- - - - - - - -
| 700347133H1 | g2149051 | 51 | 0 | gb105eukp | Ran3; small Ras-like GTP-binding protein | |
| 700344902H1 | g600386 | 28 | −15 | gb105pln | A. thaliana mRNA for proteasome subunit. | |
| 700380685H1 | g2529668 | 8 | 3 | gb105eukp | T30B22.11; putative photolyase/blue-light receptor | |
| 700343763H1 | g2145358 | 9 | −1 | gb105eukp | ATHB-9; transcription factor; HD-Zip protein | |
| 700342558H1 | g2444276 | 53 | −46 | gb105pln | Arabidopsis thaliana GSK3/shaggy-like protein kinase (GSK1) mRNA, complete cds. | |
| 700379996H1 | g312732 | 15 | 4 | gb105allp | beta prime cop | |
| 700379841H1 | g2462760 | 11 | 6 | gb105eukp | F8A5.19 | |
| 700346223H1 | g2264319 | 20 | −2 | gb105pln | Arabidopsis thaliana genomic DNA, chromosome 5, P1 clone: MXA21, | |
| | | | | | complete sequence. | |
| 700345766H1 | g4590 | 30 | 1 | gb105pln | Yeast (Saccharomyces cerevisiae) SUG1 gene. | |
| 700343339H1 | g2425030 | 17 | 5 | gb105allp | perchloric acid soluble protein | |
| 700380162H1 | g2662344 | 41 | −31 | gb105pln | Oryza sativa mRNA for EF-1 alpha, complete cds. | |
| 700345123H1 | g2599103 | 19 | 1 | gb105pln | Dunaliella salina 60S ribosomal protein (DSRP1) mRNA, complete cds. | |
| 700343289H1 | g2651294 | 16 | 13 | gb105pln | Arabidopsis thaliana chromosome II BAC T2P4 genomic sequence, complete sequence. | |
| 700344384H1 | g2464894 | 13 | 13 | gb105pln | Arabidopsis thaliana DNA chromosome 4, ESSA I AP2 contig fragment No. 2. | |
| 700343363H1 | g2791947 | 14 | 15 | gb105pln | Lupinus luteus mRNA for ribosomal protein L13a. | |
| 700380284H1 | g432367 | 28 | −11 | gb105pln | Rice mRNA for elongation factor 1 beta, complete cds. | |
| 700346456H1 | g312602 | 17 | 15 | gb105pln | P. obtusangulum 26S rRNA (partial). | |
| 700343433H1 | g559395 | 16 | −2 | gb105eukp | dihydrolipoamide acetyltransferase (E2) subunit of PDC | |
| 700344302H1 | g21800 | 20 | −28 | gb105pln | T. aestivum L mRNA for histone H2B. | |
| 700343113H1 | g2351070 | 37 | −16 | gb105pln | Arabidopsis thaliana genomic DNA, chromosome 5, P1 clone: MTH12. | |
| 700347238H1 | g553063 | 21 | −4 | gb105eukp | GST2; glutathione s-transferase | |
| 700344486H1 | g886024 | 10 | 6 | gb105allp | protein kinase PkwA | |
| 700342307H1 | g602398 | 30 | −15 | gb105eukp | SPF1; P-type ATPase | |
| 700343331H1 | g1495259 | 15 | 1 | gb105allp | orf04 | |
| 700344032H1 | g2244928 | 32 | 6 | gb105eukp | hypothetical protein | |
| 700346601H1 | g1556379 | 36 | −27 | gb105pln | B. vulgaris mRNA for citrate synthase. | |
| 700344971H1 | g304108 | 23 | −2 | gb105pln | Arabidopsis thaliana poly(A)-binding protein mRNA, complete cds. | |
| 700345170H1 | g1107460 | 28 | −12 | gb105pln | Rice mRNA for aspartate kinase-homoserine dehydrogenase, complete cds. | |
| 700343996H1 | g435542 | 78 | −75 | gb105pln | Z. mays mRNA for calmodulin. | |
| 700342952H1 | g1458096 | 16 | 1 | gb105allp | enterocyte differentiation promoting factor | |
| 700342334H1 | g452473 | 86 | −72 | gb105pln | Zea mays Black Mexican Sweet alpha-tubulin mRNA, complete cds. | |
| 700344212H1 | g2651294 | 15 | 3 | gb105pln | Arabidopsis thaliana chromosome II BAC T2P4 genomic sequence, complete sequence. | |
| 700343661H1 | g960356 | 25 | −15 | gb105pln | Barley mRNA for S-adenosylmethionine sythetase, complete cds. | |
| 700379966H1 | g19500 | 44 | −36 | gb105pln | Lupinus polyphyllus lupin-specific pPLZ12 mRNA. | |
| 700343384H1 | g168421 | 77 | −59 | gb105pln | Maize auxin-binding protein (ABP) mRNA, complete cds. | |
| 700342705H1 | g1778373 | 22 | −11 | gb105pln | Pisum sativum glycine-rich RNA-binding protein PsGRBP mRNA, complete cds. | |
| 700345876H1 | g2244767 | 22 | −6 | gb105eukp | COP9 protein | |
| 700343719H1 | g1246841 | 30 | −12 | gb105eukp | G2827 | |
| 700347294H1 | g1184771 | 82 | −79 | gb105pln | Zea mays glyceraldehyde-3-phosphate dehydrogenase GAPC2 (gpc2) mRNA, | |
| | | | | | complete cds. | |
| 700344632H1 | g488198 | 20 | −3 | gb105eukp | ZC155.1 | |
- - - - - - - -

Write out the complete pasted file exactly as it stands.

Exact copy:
| 700347133H1 | g2149051 | 51 | 0 | gb105eukp | Ran3; small Ras-like GTP-binding protein | |
| 700344902H1 | g600386 | 28 | −15 | gb105pln | A. thaliana mRNA for proteasome subunit. | |
| 700380685H1 | g2529668 | 8 | 3 | gb105eukp | T30B22.11; putative photolyase/blue-light receptor | |
| 700343763H1 | g2145358 | 9 | −1 | gb105eukp | ATHB-9; transcription factor; HD-Zip protein | |
| 700342558H1 | g2444276 | 53 | −46 | gb105pln | Arabidopsis thaliana GSK3/shaggy-like protein kinase (GSK1) mRNA, complete cds. | |
| 700379996H1 | g312732 | 15 | 4 | gb105allp | beta prime cop | |
| 700379841H1 | g2462760 | 11 | 6 | gb105eukp | F8A5.19 | |
| 700346223H1 | g2264319 | 20 | −2 | gb105pln | Arabidopsis thaliana genomic DNA, chromosome 5, P1 clone: MXA21, | |
| | | | | | complete sequence. | |
| 700345766H1 | g4590 | 30 | 1 | gb105pln | Yeast (Saccharomyces cerevisiae) SUG1 gene. | |
| 700343339H1 | g2425030 | 17 | 5 | gb105allp | perchloric acid soluble protein | |
| 700380162H1 | g2662344 | 41 | −31 | gb105pln | Oryza sativa mRNA for EF-1 alpha, complete cds. | |
| 700345123H1 | g2599103 | 19 | 1 | gb105pln | Dunaliella salina 60S ribosomal protein (DSRP1) mRNA, complete cds. | |
| 700343289H1 | g2651294 | 16 | 13 | gb105pln | Arabidopsis thaliana chromosome II BAC T2P4 genomic sequence, complete sequence. | |
| 700344384H1 | g2464894 | 13 | 13 | gb105pln | Arabidopsis thaliana DNA chromosome 4, ESSA I AP2 contig fragment No. 2. | |
| 700343363H1 | g2791947 | 14 | 15 | gb105pln | Lupinus luteus mRNA for ribosomal protein L13a. | |
| 700380284H1 | g432367 | 28 | −11 | gb105pln | Rice mRNA for elongation factor 1 beta, complete cds. | |
| 700346456H1 | g312602 | 17 | 15 | gb105pln | P. obtusangulum 26S rRNA (partial). | |
| 700343433H1 | g559395 | 16 | −2 | gb105eukp | dihydrolipoamide acetyltransferase (E2) subunit of PDC | |
| 700344302H1 | g21800 | 20 | −28 | gb105pln | T. aestivum L mRNA for histone H2B. | |
| 700343113H1 | g2351070 | 37 | −16 | gb105pln | Arabidopsis thaliana genomic DNA, chromosome 5, P1 clone: MTH12. | |
| 700347238H1 | g553063 | 21 | −4 | gb105eukp | GST2; glutathione s-transferase | |
| 700344486H1 | g886024 | 10 | 6 | gb105allp | protein kinase PkwA | |
| 700342307H1 | g602398 | 30 | −15 | gb105eukp | SPF1; P-type ATPase | |
| 700343331H1 | g1495259 | 15 | 1 | gb105allp | orf04 | |
| 700344032H1 | g2244928 | 32 | 6 | gb105eukp | hypothetical protein | |
| 700346601H1 | g1556379 | 36 | −27 | gb105pln | B. vulgaris mRNA for citrate synthase. | |
| 700344971H1 | g304108 | 23 | −2 | gb105pln | Arabidopsis thaliana poly(A)-binding protein mRNA, complete cds. | |
| 700345170H1 | g1107460 | 28 | −12 | gb105pln | Rice mRNA for aspartate kinase-homoserine dehydrogenase, complete cds. | |
| 700343996H1 | g435542 | 78 | −75 | gb105pln | Z. mays mRNA for calmodulin. | |
| 700342952H1 | g1458096 | 16 | 1 | gb105allp | enterocyte differentiation promoting factor | |
| 700342334H1 | g452473 | 86 | −72 | gb105pln | Zea mays Black Mexican Sweet alpha-tubulin mRNA, complete cds. | |
| 700344212H1 | g2651294 | 15 | 3 | gb105pln | Arabidopsis thaliana chromosome II BAC T2P4 genomic sequence, complete sequence. | |
| 700343661H1 | g960356 | 25 | −15 | gb105pln | Barley mRNA for S-adenosylmethionine sythetase, complete cds. | |
| 700379966H1 | g19500 | 44 | −36 | gb105pln | Lupinus polyphyllus lupin-specific pPLZ12 mRNA. | |
| 700343384H1 | g168421 | 77 | −59 | gb105pln | Maize auxin-binding protein (ABP) mRNA, complete cds. | |
| 700342705H1 | g1778373 | 22 | −11 | gb105pln | Pisum sativum glycine-rich RNA-binding protein PsGRBP mRNA, complete cds. | |
| 700345876H1 | g2244767 | 22 | −6 | gb105eukp | COP9 protein | |
| 700343719H1 | g1246841 | 30 | −12 | gb105eukp | G2827 | |
| 700347294H1 | g1184771 | 82 | −79 | gb105pln | Zea mays glyceraldehyde-3-phosphate dehydrogenase GAPC2 (gpc2) mRNA, | |
| | | | | | complete cds. | |
| 700344632H1 | g488198 | 20 | −3 | gb105eukp | ZC155.1 | |